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INS buries hatchet with IRS survey body

INS buries hatchet with IRS survey body
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First Published: Wed, Oct 10 2007. 01 13 AM IST
Updated: Wed, Oct 10 2007. 01 13 AM IST
Mumbai: Some 13 years after it was founded, the Media Research Users Council (MRUC), a non-profit body that conducts and validates media research, may finally be headed for a rapprochement with the Indian Newspaper Society (INS), the representative body of print media in the country.
If so, it could have significant impact on the relevance and importance of the two rival readership surveys conducted in India to measure newspaper and magazine readers. Such surveys are then used by advertisers as a basis for their spending and by the newspapers and magazines themselves for bragging rights as well as setting ad rates.
INS has now asked for the inclusion of six of its representatives in MRUC’s print technical committee, which monitors the council’s readership surveys.
There are two competing readership surveys in India, MRUC’s Indian Readership Survey (IRS) and the National Readership Survey (NRS) conducted by the National Readership Studies Council (NRSC), which is run by representatives from the Advertising Agencies Association of India (AAAI), the Audit Bureau of Circulations (ABC), a body of advertisers and media companies that oversees circulation audits, and INS itself.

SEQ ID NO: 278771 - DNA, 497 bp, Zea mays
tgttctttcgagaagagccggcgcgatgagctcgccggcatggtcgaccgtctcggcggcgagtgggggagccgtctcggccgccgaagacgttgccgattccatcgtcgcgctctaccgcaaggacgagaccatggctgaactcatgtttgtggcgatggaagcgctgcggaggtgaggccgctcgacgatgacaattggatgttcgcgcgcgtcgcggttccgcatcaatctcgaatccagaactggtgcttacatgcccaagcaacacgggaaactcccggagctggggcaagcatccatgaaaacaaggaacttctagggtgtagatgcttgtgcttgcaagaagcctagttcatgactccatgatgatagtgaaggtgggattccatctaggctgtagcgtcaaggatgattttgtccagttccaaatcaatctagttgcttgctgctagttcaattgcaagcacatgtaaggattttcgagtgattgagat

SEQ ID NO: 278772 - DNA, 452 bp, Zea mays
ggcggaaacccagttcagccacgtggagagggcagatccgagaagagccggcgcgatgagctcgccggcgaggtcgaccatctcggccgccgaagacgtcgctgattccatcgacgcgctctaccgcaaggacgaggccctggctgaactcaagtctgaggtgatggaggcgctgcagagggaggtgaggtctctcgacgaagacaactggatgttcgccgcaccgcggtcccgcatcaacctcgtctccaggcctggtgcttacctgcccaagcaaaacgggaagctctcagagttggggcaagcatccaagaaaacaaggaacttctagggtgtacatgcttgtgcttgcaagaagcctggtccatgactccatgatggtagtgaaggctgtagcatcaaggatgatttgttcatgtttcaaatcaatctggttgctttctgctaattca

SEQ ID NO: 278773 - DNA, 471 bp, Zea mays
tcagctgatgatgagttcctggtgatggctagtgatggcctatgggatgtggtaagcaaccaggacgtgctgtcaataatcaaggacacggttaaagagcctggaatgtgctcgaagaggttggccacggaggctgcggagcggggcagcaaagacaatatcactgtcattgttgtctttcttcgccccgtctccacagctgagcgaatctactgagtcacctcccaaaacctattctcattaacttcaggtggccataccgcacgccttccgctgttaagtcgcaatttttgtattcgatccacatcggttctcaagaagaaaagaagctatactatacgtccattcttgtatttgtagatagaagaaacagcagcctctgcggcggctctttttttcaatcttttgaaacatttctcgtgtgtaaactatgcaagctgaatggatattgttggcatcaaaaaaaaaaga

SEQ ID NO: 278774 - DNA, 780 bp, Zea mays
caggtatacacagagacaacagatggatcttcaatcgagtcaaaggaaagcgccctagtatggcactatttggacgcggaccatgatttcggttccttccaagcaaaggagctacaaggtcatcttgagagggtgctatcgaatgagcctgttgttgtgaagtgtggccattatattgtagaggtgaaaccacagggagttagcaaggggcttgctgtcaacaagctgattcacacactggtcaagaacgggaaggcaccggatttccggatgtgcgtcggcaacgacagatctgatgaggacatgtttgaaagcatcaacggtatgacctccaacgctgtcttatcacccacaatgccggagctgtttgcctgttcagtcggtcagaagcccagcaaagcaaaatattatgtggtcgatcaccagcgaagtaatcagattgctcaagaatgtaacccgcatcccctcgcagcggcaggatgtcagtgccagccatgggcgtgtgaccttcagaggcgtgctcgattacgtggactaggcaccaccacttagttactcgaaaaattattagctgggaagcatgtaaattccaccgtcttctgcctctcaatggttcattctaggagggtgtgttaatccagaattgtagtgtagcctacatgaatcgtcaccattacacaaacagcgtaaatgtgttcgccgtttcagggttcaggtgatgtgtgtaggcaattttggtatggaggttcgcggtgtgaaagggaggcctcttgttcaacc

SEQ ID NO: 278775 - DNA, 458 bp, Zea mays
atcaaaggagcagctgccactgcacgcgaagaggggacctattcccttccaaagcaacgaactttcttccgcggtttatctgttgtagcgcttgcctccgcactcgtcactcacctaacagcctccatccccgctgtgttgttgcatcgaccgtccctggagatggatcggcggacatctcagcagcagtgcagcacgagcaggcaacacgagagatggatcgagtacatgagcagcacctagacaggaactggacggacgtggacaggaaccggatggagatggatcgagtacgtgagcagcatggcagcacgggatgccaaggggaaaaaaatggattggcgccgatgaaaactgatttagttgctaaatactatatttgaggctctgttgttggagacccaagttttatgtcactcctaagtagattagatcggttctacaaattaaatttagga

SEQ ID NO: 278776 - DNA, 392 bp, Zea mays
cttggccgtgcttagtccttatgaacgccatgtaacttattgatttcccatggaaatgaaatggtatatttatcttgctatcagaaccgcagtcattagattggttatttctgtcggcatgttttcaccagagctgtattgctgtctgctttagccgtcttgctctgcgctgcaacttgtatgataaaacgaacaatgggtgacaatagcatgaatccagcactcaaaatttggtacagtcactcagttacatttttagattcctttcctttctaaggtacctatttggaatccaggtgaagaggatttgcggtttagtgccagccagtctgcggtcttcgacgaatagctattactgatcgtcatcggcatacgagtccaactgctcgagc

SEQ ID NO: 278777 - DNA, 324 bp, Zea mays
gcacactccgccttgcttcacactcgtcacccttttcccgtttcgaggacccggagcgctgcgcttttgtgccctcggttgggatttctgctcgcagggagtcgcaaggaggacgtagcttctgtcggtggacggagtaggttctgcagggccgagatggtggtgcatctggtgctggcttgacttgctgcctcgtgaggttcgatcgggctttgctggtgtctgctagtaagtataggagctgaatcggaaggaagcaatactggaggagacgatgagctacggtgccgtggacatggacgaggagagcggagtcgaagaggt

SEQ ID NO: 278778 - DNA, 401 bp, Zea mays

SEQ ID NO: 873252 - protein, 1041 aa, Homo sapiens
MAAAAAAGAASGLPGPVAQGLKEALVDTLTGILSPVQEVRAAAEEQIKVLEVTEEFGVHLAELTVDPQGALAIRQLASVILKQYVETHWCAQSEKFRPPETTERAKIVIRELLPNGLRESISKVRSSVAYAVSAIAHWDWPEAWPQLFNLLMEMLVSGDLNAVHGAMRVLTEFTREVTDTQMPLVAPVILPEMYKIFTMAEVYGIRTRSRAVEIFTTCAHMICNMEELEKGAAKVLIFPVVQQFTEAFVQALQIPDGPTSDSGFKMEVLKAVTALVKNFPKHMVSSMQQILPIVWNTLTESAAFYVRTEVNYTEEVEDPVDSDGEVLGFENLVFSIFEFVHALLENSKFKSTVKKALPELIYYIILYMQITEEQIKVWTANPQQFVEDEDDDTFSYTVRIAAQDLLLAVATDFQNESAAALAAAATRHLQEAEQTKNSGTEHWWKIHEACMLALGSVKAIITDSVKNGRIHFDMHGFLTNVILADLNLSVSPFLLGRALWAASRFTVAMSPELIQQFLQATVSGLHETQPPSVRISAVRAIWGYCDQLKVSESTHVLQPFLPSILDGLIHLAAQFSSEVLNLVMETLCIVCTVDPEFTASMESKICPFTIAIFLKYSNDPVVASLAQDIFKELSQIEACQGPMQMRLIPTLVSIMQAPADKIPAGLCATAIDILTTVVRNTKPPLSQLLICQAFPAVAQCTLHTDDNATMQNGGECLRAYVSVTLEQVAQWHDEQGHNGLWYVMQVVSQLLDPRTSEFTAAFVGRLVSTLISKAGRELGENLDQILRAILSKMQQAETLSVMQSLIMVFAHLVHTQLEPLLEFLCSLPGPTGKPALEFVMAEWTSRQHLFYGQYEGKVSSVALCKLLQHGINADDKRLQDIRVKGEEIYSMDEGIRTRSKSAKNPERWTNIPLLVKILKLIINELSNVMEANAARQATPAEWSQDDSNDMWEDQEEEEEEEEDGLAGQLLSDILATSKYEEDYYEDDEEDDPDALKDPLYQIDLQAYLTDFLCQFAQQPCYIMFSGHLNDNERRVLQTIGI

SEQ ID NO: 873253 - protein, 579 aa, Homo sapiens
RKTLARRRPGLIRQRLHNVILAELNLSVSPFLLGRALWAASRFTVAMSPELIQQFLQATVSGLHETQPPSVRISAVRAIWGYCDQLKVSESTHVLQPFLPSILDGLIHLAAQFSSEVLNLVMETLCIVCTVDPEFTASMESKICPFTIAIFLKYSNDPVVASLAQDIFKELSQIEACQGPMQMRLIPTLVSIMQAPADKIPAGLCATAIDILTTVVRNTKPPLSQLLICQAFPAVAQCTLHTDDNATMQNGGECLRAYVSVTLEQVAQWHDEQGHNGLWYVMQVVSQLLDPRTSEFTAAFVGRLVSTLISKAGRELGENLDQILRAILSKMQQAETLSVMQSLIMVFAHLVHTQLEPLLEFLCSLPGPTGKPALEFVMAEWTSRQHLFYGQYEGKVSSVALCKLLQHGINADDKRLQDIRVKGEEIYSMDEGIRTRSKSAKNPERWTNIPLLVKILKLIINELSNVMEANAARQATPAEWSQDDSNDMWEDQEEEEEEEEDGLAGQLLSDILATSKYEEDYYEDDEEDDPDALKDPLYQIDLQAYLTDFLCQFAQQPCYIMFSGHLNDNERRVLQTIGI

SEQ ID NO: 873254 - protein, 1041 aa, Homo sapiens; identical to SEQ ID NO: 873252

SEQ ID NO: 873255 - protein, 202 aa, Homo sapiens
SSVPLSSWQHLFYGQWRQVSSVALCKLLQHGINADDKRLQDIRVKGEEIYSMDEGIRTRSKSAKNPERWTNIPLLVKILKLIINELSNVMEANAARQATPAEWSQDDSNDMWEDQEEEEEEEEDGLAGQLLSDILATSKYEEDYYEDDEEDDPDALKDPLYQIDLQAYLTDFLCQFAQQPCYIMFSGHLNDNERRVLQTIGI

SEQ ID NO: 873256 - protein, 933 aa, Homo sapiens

MRUC was founded in 1994 to address a growing feeling among advertisers that it did not make sense to only go by a readership survey that was partly controlled by print media companies and concerns about the validity of some of the data.
As a result, relations between MRUC and INS have been strained in the past, usually over the findings of IRS.
INS’ newfound interest in MRUC is being seen by some media experts as a sign of the print media body’s growing disillusionment with NRS. INS has, until now, supported and funded NRS.
However, last year, several companies that are part of INS believed there were discrepancies in NRS numbers. NRS eventually had to publish the corrected numbers. The NRS survey has been conducted by research firm ACNielsen ORG-MARG Pvt. Ltd for the past few years.
“The IRS could emerge as the credible (and) accepted currency for print readership and in the long term this could have an impact on the funding of NRS and the possibility of INS pulling out of the NRSC,” said a media expert familiar with the development, who did not wish to be identified.
“Till some time back, the INS was not even willing to recognize the MRUC. But the NRS, backed by the INS, has come under such criticism in recent times that the INS could be looking to shift loyalties. Why back and fund research that most people don’t want to buy?” asked the head of a print media company, who did not wish to be identified.
The six INS representatives being suggested for the MRUC committee are Gargi Ojha from The Statesman Ltd, Rahul Kansal from Bennett Coleman & Co. Ltd, Pralay Nanda from Lokmat Group, Pankaj Jha from HT Media Ltd (which also publishes Mint), Ravi Shankar from Dinamalar Publications Ltd and Peter Suresh from Dainik Bhaskar Group.
“This is the first time that the INS has made a formal request for inclusion into the technical committee. Earlier on, the INS had some issues with the data released in the last round of the IRS. We made a presentation to them on 24 May. This is when they requested us if they could recommend six names on the technical committee. We were delighted,” said Roda Mehta, chairperson, MRUC technical committee.